Back on the Bike, Angkor Style

Heading for Siem Reap Ross and I had a very smooth border crossing into Cambodia, there are still a lot of scams out there (scam buses and overpriced visas) but doing a little research on internet goes a long way. Armed with information we took a bus from Bangkok's Northern Terminal to the boarder, ignored all of the touts and tuk tuk drivers trying to tell you you need this form or that, and then grabbed a taxi to our guesthouse in Siem Reap. All in all a very smooth entrance into The Kingdom of Cambodia and Siem Reap, the gateway to the Angkor temples.

Lucky for us we arrived during Bonn Om Tuk. The 'water festival' is celebrated every year when the current of the Tonle Sap, which swells so much during rainy season that it actually pushes water upstream, reverses and flows back into the Mekong River. Boat racing, an illuminated boat parade, and fireworks were celebrated all along the banks of the river. At night the locals also purchase small boats which they light with incense and float down the river to symbolize sending all of their troubles away. We caught quite a few of the races, ate at the street stalls set up for the festivals, and enjoyed the contagious energy of all the fans.

We decided to pick up a 3 day pass to the Angkor area so that we would have plenty of time to explore. We chose to rent bikes our first day and we loved it so much that we got them again on our second day. It has been over two months without getting on a bike so we were really excited to ride. There are bike rental shops everywhere here and so many of the locals ride bikes it is very easy, even in busy traffic, to get around. It also helps that the area around the temples is super flat so you can easily cruise all day and take in a lot of the sites. It also beats walking because it is hot here, really hot, and on the bikes you get a nice breeze.

On day 1 we started with the famous Angkor Wat. The temples are so old (some dating back to the 9th century), incredibly ornate (the stone carvings are amazingly detailed), and of such scale (there are over 1000 temples in the area) that you can't helped but be in awe.

After touring Angkor Wat we made our way around to several of the temples that comprise Angkor Thom.

Faces of Bayon II

On Day 2 we decided to head out in the late afternoon to catch the sunset at Angkor Wat. We got a great view and also got to see all of the locals come out to have family picnics in front of the temples on their Sunday evening. Cruising around on a bike in Cambodia is awesome!

More to come for day 3...


  1. Hi guys! Your trip sounds fantastic - what wonderful experiences the two of you are sharing! We love your blog and try to keep up with it when we can. We're heading out to your neck of the woods (at least where you are currently, who knows in a couple of weeks) this weekend - Tokyo through 12/3 then Khoa Lak Thailand, Phi Phi island, then Phuket town - are you guys going to be back that way? If you are, would love to catch up and buy you both some dinner and drinks! Enjoy your travels!!
    -Hellen & Geoff Simpson (your neighbors in Belmar - remember that use to be where you lived!)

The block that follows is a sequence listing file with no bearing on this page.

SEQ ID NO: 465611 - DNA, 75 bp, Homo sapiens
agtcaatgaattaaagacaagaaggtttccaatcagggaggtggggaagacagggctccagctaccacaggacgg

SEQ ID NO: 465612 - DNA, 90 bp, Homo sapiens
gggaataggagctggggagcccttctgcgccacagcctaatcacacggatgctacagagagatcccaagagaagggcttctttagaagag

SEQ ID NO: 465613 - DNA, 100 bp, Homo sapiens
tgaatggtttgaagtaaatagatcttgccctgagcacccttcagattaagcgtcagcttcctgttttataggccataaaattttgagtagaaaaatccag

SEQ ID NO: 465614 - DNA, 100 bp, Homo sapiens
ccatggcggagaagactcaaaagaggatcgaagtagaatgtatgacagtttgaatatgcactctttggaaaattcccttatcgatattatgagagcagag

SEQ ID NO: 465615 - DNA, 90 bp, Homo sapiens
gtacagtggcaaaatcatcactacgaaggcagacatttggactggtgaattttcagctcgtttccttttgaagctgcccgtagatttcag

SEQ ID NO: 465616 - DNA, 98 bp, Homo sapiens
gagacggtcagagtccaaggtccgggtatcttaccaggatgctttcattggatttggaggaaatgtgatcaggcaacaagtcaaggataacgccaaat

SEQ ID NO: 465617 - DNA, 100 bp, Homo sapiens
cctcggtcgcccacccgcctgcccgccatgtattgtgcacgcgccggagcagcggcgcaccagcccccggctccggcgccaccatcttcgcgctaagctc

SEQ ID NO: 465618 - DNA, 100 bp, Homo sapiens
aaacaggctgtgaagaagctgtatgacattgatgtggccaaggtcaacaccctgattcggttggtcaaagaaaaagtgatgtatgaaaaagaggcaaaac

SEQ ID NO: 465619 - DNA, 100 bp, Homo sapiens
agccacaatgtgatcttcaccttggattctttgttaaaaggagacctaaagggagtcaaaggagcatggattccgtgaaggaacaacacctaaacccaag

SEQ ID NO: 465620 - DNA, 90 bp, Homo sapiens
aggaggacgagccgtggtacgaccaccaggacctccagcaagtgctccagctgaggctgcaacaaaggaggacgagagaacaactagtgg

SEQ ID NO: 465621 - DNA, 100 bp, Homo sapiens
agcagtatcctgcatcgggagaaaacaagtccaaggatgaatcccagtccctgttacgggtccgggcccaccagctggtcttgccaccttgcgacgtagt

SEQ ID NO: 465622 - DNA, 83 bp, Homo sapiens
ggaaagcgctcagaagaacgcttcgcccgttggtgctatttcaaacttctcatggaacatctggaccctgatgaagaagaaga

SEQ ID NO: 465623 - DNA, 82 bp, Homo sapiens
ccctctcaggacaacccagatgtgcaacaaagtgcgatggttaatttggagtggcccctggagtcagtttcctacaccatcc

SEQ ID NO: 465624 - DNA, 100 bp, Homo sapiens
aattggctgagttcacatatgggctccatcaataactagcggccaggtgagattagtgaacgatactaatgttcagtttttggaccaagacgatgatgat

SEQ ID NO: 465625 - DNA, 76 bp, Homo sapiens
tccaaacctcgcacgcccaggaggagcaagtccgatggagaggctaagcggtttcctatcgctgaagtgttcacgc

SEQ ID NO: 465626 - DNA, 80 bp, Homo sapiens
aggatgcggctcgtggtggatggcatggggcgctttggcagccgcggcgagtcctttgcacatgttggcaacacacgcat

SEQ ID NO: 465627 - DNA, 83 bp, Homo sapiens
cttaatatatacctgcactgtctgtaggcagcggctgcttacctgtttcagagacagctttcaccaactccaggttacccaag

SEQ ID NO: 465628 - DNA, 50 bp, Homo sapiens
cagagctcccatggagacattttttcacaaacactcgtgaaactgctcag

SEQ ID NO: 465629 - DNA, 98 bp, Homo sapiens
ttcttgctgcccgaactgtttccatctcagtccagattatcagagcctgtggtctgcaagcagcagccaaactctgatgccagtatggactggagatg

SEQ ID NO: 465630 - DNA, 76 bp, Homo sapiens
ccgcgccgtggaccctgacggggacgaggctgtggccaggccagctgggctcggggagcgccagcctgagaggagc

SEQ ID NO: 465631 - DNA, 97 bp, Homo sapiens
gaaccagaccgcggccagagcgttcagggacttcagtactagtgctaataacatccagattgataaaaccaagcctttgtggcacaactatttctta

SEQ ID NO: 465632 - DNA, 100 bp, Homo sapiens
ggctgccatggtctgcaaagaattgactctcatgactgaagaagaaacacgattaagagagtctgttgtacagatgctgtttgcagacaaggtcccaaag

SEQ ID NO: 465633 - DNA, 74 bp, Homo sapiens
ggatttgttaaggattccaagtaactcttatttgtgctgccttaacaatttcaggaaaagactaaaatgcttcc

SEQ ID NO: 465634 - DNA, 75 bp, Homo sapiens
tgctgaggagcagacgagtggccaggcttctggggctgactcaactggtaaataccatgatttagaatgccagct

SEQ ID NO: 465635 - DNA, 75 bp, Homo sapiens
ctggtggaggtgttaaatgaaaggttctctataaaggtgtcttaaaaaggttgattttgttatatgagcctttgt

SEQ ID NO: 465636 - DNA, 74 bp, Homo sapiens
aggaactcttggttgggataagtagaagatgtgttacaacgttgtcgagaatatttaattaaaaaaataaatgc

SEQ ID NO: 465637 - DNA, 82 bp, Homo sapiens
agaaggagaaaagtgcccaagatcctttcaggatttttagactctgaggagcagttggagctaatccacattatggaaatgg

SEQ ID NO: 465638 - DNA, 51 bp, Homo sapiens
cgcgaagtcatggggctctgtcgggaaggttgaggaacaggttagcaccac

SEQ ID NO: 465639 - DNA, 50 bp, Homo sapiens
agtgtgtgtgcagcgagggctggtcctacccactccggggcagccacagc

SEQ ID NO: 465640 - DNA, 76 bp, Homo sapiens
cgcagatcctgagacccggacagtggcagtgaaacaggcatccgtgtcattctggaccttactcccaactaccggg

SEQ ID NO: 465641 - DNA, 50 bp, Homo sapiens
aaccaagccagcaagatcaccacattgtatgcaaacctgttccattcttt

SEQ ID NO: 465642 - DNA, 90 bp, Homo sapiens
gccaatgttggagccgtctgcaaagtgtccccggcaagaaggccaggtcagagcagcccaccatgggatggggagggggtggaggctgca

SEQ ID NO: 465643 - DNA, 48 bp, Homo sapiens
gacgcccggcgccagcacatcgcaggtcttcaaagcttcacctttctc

2. Hi Hellen,
    Glad you have been able to check out the blog, we are having a great time! We would love to meet up but unfortunately we will be heading to Vietnam and then into China when you will be in SE Asia. Sounds like you have a great trip planned, enjoy your time there. Maybe we will have to cook up a Thai feast for our next 'Julia' dinner, we loved the cuisine there! Safe travels,

    Abby & Ross

  3. Wow, sounds like your itinerary keeps getting better and better! Vietnam and China, how fantastic! OK, in order to keep this brief I have a couple of links to send re: China -
    For hikes/treks near Beijing (we did the Great Wall Hike from Jinkau (I think) to Simitai, totally empty, like having it to ourselves) to , we went with this group and it was great, very untourista like -http://www.beijinghikers.com/
    Another good organization for interesting things to see/do - http://www.chinaculturecenter.org/
    We did a bike ride through the Hutongs with Cycle China - it was good but probably will not be worth it for you two after cycling through Cambodia.
    You probably already know this but take the subway in Beijing everywhere - no need for a car except the Great Wall - most subway stops go right to the sights.
    Food in Beijing - If you can find it, Din Tai Fung (there's several locations). It's on the pricy side for dumplings and noodles but the best in Asia - about $8US for a steaming basket of pork dumplings, don't forget to get the cucumbers - they're good all over China. Try Peking Duck if you can - Da Dong is quite good but also on the pricy side. We ate our way through Beijing on cheap noodles which was scrumptious and so satisfiying!
    Food link: http://appetiteforchina.com/china-restaurants-by-city
    Chowhound also has recommendations but they tend to be on the expensive side which is totally not worth it in China.
    Shanghai - Yang's Fry Dumpling or Jia Jia Taibao (across the street from each other and of course we ate at both).
    Vietnam - no food recommendations (everything was good, try the banh mi and of course the pho) but definitely get in Halong Bay if you can - we didn't get up there but definitely will the next time we go.
    Have a great time!! Safe travels back at you!!
    -Hellen & Geoff

  4. Thanks for all the tips Hellen! We will definitely look into this as we get closer to China, the group you hiked the Great Wall with looks great. Thanks again :)